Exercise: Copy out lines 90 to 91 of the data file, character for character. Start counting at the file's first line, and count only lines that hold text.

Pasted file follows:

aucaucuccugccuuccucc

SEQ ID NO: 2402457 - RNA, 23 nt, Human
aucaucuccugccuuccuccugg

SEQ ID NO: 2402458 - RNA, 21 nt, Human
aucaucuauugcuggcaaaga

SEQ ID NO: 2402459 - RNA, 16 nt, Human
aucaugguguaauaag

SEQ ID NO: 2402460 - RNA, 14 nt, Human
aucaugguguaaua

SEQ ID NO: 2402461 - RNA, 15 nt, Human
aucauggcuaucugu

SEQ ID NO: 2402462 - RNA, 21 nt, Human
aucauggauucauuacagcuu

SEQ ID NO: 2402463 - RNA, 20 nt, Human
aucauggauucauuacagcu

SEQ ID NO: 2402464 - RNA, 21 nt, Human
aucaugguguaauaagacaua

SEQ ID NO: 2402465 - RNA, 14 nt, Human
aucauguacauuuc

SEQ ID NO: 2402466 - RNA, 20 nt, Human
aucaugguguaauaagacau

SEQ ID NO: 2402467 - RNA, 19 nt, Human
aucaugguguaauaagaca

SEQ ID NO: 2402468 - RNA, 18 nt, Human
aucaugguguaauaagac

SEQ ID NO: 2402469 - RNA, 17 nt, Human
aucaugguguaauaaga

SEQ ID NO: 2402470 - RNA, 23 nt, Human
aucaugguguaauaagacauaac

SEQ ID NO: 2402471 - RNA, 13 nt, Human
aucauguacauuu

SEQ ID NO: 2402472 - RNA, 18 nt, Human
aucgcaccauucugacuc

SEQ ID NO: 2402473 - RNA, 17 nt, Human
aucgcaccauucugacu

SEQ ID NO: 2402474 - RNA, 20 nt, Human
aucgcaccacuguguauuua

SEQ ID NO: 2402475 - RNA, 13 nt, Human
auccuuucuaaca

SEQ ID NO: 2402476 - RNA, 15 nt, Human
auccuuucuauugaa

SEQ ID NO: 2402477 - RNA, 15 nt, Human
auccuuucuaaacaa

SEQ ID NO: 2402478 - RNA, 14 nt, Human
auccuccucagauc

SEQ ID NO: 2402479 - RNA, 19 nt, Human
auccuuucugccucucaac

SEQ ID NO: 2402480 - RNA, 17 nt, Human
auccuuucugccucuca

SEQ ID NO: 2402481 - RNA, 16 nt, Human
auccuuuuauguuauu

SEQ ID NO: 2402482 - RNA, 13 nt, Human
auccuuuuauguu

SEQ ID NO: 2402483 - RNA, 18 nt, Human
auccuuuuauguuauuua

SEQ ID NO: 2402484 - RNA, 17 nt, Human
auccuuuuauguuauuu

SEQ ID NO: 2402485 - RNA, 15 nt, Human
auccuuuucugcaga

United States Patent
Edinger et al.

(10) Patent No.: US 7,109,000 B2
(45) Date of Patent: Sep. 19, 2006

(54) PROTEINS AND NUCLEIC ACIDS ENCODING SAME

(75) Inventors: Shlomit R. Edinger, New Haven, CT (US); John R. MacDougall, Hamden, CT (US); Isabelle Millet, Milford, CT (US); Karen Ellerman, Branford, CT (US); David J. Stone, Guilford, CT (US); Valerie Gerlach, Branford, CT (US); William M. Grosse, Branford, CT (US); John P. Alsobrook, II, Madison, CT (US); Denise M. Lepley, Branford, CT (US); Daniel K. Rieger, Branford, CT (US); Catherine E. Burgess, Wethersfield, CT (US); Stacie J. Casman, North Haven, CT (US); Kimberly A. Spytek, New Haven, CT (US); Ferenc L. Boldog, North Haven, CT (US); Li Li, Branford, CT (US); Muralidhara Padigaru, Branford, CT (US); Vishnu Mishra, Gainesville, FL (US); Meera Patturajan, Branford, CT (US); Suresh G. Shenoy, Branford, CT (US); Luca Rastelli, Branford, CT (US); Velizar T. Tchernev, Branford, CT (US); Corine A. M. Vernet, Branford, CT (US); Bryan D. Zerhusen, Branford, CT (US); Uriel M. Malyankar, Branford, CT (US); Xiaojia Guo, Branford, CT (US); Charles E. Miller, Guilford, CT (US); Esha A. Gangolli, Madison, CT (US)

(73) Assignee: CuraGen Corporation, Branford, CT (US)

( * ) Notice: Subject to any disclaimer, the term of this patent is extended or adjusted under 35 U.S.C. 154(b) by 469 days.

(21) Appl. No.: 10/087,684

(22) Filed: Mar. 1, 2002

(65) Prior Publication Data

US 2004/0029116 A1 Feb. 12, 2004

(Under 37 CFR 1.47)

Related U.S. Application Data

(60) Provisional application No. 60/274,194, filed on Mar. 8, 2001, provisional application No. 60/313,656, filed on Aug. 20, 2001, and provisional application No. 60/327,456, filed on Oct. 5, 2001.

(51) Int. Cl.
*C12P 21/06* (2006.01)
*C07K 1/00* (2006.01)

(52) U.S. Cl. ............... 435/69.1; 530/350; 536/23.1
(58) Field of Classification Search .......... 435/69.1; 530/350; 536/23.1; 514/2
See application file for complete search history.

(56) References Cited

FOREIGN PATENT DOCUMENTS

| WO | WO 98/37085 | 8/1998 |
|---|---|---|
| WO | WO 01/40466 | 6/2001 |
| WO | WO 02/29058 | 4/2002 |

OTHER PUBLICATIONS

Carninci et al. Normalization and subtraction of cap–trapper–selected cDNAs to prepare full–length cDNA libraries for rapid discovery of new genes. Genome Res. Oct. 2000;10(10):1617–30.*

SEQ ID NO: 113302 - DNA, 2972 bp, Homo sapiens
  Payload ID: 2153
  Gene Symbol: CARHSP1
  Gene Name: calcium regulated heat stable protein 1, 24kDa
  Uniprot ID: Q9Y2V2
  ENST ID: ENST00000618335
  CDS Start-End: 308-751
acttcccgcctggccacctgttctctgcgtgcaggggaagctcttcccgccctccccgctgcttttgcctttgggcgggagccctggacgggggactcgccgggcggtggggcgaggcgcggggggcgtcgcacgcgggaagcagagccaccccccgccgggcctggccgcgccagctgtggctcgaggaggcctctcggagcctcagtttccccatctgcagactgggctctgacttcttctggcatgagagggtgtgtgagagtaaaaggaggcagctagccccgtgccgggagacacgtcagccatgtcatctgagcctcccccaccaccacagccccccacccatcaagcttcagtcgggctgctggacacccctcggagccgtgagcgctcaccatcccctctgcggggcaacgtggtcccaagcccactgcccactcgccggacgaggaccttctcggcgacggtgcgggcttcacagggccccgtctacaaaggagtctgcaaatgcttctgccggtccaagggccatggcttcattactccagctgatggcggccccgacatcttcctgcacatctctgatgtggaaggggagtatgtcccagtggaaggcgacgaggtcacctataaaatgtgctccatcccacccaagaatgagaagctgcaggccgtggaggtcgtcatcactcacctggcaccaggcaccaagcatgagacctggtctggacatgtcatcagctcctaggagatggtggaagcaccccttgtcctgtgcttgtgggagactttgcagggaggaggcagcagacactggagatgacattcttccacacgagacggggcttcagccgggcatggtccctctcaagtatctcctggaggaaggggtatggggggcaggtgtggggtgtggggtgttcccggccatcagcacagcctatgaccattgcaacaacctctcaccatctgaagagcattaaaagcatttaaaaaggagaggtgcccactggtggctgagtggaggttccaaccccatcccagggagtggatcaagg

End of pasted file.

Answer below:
  Payload ID: 2153
  Gene Symbol: CARHSP1